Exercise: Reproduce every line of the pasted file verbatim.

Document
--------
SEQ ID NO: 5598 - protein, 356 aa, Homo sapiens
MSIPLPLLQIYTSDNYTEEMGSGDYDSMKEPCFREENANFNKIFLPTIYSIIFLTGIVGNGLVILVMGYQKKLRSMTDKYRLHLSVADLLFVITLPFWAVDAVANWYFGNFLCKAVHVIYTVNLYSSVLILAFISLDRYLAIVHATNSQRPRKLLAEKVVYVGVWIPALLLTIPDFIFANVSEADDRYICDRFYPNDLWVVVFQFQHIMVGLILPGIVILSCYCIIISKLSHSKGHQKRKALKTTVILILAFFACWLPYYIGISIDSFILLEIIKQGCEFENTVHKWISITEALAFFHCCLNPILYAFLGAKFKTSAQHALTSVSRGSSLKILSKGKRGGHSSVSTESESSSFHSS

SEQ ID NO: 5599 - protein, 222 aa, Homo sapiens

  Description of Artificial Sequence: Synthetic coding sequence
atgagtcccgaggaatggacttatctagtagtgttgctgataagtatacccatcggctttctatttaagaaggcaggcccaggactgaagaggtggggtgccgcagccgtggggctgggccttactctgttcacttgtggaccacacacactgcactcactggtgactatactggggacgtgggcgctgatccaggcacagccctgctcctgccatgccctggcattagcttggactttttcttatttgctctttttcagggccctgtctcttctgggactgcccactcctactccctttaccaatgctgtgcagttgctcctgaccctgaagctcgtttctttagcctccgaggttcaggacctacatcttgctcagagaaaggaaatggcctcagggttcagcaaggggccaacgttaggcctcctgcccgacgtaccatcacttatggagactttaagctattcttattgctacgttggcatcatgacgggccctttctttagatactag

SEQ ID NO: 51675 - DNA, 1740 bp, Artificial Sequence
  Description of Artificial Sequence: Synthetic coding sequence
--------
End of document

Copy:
SEQ ID NO: 5598 - protein, 356 aa, Homo sapiens
MSIPLPLLQIYTSDNYTEEMGSGDYDSMKEPCFREENANFNKIFLPTIYSIIFLTGIVGNGLVILVMGYQKKLRSMTDKYRLHLSVADLLFVITLPFWAVDAVANWYFGNFLCKAVHVIYTVNLYSSVLILAFISLDRYLAIVHATNSQRPRKLLAEKVVYVGVWIPALLLTIPDFIFANVSEADDRYICDRFYPNDLWVVVFQFQHIMVGLILPGIVILSCYCIIISKLSHSKGHQKRKALKTTVILILAFFACWLPYYIGISIDSFILLEIIKQGCEFENTVHKWISITEALAFFHCCLNPILYAFLGAKFKTSAQHALTSVSRGSSLKILSKGKRGGHSSVSTESESSSFHSS

SEQ ID NO: 5599 - protein, 222 aa, Homo sapiens

  Description of Artificial Sequence: Synthetic coding sequence
atgagtcccgaggaatggacttatctagtagtgttgctgataagtatacccatcggctttctatttaagaaggcaggcccaggactgaagaggtggggtgccgcagccgtggggctgggccttactctgttcacttgtggaccacacacactgcactcactggtgactatactggggacgtgggcgctgatccaggcacagccctgctcctgccatgccctggcattagcttggactttttcttatttgctctttttcagggccctgtctcttctgggactgcccactcctactccctttaccaatgctgtgcagttgctcctgaccctgaagctcgtttctttagcctccgaggttcaggacctacatcttgctcagagaaaggaaatggcctcagggttcagcaaggggccaacgttaggcctcctgcccgacgtaccatcacttatggagactttaagctattcttattgctacgttggcatcatgacgggccctttctttagatactag

SEQ ID NO: 51675 - DNA, 1740 bp, Artificial Sequence
  Description of Artificial Sequence: Synthetic coding sequence